Johnson & Johnson: Now working on Mother Nature’s Health as well.

A look at how large healthcare companies are dealing with climate change and its effects.


Johnson & Johnson (J&J) as one of the leading healthcare companies has committed to reduction of its global emissions footprint and is attempting to do so without use of carbon offsets. J&J’s CEO, Alex Gorsky, joined President Obama and other leaders to discuss the impacts large corporations can have on the environment [3].  J&J has already made significant strides by focusing on critical aspects of the business and implementing challenging goals both in the short and long term.  The question is whether the progress they have made is enough, and if they can continue to fund these expensive improvement projects while new taxes to medical technology manufacturers are unlikely to go away anytime soon [10].


Emissions Relative to Sales Revenue [2]


Current Focus

  • Buildings and Facilities: J&J has committed to a 20% reduction of CO2 emissions by 2020 compared to its 2010 Baseline.  In 2012 it had already reached a 6.1% reduction of emissions against its baseline at the same time realizing a 3.4% increase in sales.  Management understands that committing to such rapid improvement presents a significant challenge and accordingly has allocated a $40 million annual budget for projects relating to energy and greenhouse gas emissions [1].


Facility Emissions Data from all J&J Sites over 50,000 square feet [1]

  • Elimination of Chlorofluorocarbons (CFCs): J&J realizing the impacts CFCs can have on the ozone has eliminated CFCs and replaced these with a less harmful alternative (HCFCs) while continuing to look for even further improved technologies for its facilitates [2].
  • Transportation & Shipping: J&J set a Healthy Future 2015 goal to realize a 20% improvement in its fleet emissions. This is a significant amount considering its massive fleet of 28,000 owned or leased fleet of vehicles [1]. J&J manages 100 percent of shipments for its products within North America.  They have worked with their supply chain and logistics teams to make improvements outside of simply buying more fuel-efficient trucks.  Several projects have been undertaken to use multi-compartment trailers, improve freight consolidation, reduce dead miles, and engage in cross-shipper moves with other companies transporting similar products [1].


Employee Travel and Sales Fleet CO2 Emissions [1]

  • Shift to renewable energies: By far the boldest commitment the J&J team has made is to produce or procure 20% of electricity from clean/renewable sources by 2020 and aspire to be 100% renewable by 2050. This was announced in the Citizenship & Sustainability 2020 goals, amongst a broader set of initiatives including items such as having all new buildings be built to LEED standards [3,4].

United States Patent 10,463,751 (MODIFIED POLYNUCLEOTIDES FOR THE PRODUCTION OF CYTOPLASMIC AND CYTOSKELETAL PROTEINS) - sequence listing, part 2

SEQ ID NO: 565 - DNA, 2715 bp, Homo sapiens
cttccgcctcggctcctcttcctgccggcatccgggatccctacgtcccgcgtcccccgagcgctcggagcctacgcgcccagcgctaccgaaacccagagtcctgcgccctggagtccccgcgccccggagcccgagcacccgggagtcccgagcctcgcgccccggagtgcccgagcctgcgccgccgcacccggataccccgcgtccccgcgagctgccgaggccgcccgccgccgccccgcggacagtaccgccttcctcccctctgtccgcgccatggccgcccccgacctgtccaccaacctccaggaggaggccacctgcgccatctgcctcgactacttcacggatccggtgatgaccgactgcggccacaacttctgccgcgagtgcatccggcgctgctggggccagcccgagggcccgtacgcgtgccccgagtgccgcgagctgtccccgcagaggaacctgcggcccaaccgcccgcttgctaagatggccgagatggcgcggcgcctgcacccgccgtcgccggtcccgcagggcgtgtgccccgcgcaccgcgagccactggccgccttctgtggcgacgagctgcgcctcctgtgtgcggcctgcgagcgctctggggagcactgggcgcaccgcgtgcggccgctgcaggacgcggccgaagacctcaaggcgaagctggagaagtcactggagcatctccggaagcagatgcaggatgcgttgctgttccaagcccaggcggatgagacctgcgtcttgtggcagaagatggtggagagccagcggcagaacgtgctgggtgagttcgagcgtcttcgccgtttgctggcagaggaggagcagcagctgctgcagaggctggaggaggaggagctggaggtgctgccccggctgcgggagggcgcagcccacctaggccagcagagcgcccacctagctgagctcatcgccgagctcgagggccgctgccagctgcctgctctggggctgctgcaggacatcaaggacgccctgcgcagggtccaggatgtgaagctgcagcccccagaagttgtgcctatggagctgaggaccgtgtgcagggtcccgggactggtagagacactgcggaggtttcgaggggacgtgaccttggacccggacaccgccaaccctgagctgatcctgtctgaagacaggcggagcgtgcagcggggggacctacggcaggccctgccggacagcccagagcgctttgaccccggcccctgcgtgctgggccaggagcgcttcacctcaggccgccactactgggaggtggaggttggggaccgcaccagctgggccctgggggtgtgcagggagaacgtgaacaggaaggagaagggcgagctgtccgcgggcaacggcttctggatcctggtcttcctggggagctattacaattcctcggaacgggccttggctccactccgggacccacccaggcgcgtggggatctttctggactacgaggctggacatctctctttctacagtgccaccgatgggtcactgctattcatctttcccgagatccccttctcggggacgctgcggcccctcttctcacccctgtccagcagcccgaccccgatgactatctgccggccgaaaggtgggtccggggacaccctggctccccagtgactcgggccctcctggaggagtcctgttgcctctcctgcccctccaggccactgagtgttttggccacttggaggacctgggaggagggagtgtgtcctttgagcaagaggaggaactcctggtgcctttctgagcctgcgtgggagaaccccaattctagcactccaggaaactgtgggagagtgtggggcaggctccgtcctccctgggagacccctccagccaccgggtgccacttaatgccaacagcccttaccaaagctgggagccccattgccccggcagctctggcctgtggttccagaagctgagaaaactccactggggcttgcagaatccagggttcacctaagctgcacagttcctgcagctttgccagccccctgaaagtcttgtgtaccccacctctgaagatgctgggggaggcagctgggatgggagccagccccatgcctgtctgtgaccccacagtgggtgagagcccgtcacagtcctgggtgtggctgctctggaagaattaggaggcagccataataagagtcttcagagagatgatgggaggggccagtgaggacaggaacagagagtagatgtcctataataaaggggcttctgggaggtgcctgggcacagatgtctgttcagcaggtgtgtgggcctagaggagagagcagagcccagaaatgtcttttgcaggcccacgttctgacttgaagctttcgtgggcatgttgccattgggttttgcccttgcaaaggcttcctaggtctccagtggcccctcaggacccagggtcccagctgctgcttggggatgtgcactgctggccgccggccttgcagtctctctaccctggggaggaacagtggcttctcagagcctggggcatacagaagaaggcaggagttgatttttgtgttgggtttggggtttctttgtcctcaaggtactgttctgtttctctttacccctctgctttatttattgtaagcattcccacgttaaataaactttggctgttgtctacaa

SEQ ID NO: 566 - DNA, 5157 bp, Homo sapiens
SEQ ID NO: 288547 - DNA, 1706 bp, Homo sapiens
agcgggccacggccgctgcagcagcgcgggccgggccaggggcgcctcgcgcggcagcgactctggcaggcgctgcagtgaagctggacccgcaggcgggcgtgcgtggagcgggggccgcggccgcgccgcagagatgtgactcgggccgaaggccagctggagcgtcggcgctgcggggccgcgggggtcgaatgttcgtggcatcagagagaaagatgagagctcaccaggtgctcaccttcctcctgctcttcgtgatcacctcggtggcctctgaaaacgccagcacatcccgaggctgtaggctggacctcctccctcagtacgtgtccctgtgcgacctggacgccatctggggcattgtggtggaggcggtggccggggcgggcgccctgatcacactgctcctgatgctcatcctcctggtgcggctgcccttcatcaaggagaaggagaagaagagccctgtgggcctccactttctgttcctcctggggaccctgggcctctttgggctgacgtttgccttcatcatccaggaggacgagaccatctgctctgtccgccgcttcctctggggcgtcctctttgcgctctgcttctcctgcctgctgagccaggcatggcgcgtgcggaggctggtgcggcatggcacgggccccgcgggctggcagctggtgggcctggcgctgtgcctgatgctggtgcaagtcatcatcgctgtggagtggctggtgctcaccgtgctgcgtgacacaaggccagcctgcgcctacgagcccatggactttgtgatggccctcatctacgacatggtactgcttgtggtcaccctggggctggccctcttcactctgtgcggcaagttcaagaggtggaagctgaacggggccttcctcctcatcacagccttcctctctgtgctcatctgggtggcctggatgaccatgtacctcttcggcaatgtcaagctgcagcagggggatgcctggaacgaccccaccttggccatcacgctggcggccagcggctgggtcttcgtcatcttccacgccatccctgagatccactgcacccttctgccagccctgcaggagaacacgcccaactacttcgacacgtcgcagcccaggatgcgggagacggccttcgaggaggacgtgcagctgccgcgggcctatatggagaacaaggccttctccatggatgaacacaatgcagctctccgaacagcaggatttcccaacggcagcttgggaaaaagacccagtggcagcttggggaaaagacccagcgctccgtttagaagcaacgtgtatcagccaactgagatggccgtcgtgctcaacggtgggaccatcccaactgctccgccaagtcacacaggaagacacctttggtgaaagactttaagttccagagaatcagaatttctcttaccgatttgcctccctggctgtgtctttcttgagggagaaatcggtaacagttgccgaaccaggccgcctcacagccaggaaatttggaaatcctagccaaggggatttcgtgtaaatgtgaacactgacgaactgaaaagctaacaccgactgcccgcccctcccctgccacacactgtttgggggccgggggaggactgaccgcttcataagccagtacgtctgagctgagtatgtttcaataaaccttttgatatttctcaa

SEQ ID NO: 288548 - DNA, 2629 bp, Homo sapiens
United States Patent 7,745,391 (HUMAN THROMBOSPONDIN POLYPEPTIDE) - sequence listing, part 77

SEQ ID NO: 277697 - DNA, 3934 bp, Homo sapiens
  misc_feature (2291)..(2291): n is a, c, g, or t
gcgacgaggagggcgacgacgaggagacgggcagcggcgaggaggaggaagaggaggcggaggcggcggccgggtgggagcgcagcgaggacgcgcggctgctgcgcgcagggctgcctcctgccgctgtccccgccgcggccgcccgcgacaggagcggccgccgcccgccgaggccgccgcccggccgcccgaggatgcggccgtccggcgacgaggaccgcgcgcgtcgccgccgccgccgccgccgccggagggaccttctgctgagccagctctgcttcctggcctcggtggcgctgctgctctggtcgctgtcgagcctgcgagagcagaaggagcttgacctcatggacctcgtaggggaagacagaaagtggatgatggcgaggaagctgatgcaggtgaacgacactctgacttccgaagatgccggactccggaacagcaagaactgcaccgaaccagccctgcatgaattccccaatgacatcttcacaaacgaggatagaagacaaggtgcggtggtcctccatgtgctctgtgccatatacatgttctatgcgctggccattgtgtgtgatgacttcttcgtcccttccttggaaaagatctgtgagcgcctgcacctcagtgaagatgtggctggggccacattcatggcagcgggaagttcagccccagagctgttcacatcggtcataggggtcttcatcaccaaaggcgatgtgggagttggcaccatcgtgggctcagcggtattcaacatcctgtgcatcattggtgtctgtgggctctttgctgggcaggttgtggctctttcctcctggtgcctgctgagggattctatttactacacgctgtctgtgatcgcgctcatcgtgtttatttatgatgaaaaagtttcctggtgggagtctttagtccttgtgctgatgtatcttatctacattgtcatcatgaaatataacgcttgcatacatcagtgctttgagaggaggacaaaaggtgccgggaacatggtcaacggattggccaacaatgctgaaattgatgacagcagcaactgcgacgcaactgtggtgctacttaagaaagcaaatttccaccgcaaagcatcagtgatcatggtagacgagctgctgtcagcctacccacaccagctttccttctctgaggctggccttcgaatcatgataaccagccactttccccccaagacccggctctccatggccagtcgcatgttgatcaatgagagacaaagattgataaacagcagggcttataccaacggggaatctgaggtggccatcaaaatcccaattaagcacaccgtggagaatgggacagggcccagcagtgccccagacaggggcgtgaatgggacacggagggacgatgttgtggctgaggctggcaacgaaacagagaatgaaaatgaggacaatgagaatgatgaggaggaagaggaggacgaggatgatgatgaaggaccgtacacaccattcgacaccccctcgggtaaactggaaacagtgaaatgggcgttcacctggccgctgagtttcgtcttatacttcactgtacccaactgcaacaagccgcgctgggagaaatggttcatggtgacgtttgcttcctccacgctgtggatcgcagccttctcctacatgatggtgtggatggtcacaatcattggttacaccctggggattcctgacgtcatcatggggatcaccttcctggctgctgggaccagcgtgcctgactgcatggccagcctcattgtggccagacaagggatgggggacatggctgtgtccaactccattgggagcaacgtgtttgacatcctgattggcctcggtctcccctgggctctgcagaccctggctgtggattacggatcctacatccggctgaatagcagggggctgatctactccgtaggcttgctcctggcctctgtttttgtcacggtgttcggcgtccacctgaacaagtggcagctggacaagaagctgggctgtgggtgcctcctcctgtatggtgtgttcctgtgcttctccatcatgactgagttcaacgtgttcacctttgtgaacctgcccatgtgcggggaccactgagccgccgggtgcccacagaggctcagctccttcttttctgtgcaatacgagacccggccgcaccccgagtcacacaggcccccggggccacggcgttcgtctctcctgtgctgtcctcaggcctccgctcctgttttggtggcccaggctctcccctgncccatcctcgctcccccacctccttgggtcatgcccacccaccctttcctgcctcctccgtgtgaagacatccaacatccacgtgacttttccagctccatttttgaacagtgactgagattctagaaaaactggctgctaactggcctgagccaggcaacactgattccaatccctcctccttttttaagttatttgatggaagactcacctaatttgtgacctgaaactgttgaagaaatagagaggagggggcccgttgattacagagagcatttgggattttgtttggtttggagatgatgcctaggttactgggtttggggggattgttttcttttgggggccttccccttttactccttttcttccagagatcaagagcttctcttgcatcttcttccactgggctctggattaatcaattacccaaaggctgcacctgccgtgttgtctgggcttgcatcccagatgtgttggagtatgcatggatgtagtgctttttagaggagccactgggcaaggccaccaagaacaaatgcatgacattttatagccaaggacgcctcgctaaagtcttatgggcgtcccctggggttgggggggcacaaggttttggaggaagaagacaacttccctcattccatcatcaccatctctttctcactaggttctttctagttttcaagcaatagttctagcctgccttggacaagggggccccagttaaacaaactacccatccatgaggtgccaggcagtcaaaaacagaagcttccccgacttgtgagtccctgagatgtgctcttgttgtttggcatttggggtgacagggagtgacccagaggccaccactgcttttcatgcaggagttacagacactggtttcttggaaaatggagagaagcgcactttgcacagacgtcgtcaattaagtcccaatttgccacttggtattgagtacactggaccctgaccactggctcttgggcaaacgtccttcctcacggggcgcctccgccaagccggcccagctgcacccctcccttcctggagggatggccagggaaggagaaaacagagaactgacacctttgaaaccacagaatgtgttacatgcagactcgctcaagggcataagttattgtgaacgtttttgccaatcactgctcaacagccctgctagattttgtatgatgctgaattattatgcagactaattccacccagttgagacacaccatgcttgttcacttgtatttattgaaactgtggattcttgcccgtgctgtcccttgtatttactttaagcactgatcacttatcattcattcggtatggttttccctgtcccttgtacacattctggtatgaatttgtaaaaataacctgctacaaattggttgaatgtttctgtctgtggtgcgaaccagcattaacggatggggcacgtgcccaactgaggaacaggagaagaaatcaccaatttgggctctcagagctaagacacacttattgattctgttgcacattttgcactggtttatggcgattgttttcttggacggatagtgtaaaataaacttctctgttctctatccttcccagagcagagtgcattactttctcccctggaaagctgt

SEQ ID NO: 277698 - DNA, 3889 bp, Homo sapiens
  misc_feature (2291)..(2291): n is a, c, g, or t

Is this enough, and what should J&J Focus moving forward?

Most of the initiatives presented earlier place a huge cost burden to the business with no immediate benefits unlike other industries such as agriculture or automotive companies which must build their product around specific emissions standards.  J&J as a large healthcare company is in the spot light with multiple pressures both to price its products fairly and ethically and manufacture its goods in an environmentally friendly way.  This puts a lot of stress on a company that is competing with flourishing new companies stationed in countries with minimal IP enforcement and significantly fewer carbon regulations.  J&J must build into its products at conception a low-cost structure and a low carbon footprint design to stay competitive on all fronts.

  • Product life cycle CO2 impact: J&J should evaluate the total carbon emission of a product’s life starting from it being manufactured, transported, consumed, and finally ending when it is discarded. This involves analysis to improve packaging and reducing shipping resources needed, in addition to the logistical improvements already made to reduce shipping CO2 Johnson and Johnson has already started some work related to this involving renewable product packaging [8].